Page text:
^ Yes, that is permissible from an Orthodox pov. The Roman Catholic rules would prohibit it for the record.
An Orthodox priest would be able in good conscience then to call a Child Protective or Homeland Security Hotline for example under this scenario.
Right, again, in this theoretical example where some would-be terrorist or child rapist decides to come in and tell you he is about to strike, I don't see a problem with calling the authorities and telling them there is a high degree of probability that someone in situation X might be in danger. Revealing the name of the would-be attacker might be a violation of the seal of confession, but is this really a confession?
If someone came in and confessed he had already committed a crime and was repentant for it, your only solution would be to withhold absolution though until the criminal turned himself in. If he is truly repentant, he would of course follow this course of action.
The distinction between the Orthodox and RC views to be clear is that the RCs would say that ALL information learned during confession, not just identifying information, is privileged. Orthodox do not believe this.
Thank you Father as your post is consistent with what I have been taught through my family members in the clergy. Another question though. Taking the issue out of confession, per se, most states recognize a form of clergy privilege which, as I posted earlier, is similar to the privilege afforded to psychological counseling. Under New York law, for example, the privilege can only be waived by the person seeking counsel, hence you, as the priest, could not be compelled to testify in a court of law regarding the nature and content of the counseling sessions.That issue is clear and straight-forward.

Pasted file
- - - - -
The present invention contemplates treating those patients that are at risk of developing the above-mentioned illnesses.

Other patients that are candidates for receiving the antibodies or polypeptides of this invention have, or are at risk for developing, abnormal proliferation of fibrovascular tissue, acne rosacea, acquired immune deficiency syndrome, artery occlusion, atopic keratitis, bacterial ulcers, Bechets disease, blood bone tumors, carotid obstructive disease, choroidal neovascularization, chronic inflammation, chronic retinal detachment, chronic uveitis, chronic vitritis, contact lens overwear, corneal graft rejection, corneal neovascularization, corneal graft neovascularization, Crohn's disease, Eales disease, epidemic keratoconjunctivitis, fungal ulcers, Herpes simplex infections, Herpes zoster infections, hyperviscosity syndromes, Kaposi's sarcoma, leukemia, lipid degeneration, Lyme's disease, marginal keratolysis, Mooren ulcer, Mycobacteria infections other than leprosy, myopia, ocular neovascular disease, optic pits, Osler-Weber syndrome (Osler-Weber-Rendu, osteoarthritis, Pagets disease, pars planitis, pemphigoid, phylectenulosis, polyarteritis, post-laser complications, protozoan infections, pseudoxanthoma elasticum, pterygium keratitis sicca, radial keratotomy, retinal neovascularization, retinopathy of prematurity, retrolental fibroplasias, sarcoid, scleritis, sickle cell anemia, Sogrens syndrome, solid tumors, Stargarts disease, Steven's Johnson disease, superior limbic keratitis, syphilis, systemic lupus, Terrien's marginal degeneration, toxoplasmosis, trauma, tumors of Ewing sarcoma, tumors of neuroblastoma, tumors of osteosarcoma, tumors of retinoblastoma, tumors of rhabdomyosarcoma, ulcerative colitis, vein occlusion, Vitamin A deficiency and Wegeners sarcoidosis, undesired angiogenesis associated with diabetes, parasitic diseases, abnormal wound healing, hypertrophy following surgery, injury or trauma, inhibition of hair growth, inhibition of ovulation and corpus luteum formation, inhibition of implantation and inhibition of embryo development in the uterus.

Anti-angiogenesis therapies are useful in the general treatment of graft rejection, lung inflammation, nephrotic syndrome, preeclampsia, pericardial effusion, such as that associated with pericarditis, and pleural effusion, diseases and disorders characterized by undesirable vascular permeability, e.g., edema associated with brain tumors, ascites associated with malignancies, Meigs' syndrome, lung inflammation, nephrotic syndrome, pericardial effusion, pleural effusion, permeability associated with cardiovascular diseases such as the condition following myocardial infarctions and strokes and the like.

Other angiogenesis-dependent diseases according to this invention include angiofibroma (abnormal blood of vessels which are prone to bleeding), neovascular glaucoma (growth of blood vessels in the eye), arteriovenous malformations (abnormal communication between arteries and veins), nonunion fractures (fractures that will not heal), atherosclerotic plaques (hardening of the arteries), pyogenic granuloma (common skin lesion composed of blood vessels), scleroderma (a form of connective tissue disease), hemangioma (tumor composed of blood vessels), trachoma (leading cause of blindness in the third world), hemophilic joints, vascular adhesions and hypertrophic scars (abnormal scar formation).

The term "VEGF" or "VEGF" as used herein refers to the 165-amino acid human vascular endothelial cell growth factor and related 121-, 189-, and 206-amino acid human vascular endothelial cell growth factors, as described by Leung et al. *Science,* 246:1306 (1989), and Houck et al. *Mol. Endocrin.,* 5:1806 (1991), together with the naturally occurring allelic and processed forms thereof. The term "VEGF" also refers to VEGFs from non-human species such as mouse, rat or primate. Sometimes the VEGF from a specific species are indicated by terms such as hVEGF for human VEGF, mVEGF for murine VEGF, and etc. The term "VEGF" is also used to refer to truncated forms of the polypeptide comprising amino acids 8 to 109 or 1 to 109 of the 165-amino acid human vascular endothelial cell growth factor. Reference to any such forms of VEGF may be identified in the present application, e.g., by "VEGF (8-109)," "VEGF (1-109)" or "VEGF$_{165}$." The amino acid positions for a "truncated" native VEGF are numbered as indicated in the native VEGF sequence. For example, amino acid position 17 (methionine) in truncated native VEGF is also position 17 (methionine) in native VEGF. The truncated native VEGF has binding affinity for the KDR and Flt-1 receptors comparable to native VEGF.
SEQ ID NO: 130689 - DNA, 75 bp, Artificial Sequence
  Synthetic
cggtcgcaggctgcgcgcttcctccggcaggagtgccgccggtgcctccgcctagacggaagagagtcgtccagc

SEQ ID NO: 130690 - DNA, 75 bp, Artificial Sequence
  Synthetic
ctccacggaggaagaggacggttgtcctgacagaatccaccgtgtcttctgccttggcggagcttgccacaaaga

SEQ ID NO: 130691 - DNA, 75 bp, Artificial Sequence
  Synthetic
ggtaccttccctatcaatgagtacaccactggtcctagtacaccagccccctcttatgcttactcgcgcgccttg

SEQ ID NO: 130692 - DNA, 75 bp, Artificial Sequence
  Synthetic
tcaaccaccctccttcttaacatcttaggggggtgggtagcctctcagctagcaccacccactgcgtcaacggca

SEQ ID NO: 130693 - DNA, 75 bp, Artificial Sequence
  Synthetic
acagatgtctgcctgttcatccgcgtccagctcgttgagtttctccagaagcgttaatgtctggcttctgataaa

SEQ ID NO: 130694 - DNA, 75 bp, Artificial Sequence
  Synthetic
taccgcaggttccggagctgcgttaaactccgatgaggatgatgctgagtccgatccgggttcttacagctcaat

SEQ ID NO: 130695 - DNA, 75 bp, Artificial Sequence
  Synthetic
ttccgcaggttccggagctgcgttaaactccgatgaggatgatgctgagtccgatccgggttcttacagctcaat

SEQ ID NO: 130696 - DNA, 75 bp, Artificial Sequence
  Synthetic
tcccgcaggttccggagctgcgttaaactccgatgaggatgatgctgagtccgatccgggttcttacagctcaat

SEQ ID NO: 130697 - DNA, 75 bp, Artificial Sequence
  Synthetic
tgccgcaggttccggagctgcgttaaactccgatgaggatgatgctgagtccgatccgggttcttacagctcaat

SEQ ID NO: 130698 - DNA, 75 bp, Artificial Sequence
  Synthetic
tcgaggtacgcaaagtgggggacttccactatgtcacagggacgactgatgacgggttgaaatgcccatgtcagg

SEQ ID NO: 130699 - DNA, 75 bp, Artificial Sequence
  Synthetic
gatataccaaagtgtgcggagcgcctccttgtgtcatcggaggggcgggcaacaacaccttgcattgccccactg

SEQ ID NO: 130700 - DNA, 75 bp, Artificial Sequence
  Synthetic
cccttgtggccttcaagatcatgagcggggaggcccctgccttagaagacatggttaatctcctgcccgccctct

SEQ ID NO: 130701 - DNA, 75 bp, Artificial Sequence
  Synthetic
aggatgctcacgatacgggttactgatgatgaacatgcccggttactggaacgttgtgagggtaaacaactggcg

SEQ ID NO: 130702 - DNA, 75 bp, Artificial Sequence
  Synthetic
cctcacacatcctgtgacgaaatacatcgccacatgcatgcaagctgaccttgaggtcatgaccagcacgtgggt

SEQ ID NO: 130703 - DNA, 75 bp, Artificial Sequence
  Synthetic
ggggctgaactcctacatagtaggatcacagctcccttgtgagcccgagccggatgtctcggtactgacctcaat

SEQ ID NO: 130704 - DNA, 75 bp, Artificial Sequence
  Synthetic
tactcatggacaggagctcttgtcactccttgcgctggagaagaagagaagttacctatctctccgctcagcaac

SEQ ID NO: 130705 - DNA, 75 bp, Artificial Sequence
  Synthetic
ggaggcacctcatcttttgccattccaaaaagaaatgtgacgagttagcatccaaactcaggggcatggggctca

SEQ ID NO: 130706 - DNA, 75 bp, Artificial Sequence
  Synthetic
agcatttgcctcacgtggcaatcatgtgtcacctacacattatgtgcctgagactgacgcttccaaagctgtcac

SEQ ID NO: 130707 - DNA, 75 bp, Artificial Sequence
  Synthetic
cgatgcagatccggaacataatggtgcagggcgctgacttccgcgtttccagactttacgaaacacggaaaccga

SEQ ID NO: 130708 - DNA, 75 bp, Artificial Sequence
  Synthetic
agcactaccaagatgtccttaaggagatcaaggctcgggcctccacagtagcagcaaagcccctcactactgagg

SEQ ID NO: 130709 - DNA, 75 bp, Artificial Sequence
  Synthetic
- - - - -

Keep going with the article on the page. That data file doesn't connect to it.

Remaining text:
Going further and taking the matter out of the court scenario, how would you treat the disclosure of an intent to commit a serious crime intended to cause bodily harm or worse to a fellow human and how would you treat the disclosure of such a crime that had already been committed by the person being counseled?
To go one step further, for example the rules of my legal profession, the medical profession, the psychology profession and others would make it unethical for the counselor in any of these situations to go to the authorities with that information - hence the anonymous protection afforded by the CPS hotline.
Would an Orthodox priest be under any ethical obligation to protect the identity of the person being counseled outside of confession,or are there circumstances, beyond the providing of basic information through a hotline, where a priest could, or should go to the proper authorities? Wouldn't it matter if he were a licensed clinician?
These are tough questions with many variables, but I think that there is a lot of 'urban legend' in the minds of the laity regarding these questions and some of those myths are destructive and undermine the public confidence in our clergy. Thanks for your forthright answers in this thread as they have been helpful.